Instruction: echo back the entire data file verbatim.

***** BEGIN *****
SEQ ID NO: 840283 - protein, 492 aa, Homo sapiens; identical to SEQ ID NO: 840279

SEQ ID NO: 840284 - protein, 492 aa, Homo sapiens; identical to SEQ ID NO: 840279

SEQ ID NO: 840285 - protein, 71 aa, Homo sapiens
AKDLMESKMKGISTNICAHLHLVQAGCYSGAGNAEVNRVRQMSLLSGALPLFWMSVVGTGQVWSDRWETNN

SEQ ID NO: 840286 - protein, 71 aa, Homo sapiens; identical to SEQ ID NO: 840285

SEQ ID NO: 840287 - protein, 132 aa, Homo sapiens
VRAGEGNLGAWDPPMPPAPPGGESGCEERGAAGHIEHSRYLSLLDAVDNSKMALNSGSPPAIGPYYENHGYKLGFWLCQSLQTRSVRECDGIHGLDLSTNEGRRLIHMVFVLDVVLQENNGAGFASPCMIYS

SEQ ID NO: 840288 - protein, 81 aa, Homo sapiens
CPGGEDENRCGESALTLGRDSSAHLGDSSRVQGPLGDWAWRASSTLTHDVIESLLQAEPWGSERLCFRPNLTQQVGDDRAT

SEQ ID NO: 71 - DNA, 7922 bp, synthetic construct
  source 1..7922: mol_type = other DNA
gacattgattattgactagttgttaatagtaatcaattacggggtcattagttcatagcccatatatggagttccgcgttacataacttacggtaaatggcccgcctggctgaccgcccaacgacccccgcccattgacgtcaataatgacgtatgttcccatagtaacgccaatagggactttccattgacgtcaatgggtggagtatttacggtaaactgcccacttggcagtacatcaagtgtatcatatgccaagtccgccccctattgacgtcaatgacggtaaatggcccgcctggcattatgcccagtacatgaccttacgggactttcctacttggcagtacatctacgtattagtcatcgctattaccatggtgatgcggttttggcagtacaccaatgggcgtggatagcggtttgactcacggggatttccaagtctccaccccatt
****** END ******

SEQ ID NO: 840283 - protein, 492 aa, Homo sapiens; identical to SEQ ID NO: 840279

SEQ ID NO: 840284 - protein, 492 aa, Homo sapiens; identical to SEQ ID NO: 840279

SEQ ID NO: 840285 - protein, 71 aa, Homo sapiens
AKDLMESKMKGISTNICAHLHLVQAGCYSGAGNAEVNRVRQMSLLSGALPLFWMSVVGTGQVWSDRWETNN

SEQ ID NO: 840286 - protein, 71 aa, Homo sapiens; identical to SEQ ID NO: 840285

SEQ ID NO: 840287 - protein, 132 aa, Homo sapiens
VRAGEGNLGAWDPPMPPAPPGGESGCEERGAAGHIEHSRYLSLLDAVDNSKMALNSGSPPAIGPYYENHGYKLGFWLCQSLQTRSVRECDGIHGLDLSTNEGRRLIHMVFVLDVVLQENNGAGFASPCMIYS

SEQ ID NO: 840288 - protein, 81 aa, Homo sapiens
CPGGEDENRCGESALTLGRDSSAHLGDSSRVQGPLGDWAWRASSTLTHDVIESLLQAEPWGSERLCFRPNLTQQVGDDRAT

SEQ ID NO: 71 - DNA, 7922 bp, synthetic construct
  source 1..7922: mol_type = other DNA
gacattgattattgactagttgttaatagtaatcaattacggggtcattagttcatagcccatatatggagttccgcgttacataacttacggtaaatggcccgcctggctgaccgcccaacgacccccgcccattgacgtcaataatgacgtatgttcccatagtaacgccaatagggactttccattgacgtcaatgggtggagtatttacggtaaactgcccacttggcagtacatcaagtgtatcatatgccaagtccgccccctattgacgtcaatgacggtaaatggcccgcctggcattatgcccagtacatgaccttacgggactttcctacttggcagtacatctacgtattagtcatcgctattaccatggtgatgcggttttggcagtacaccaatgggcgtggatagcggtttgactcacggggatttccaagtctccaccccatt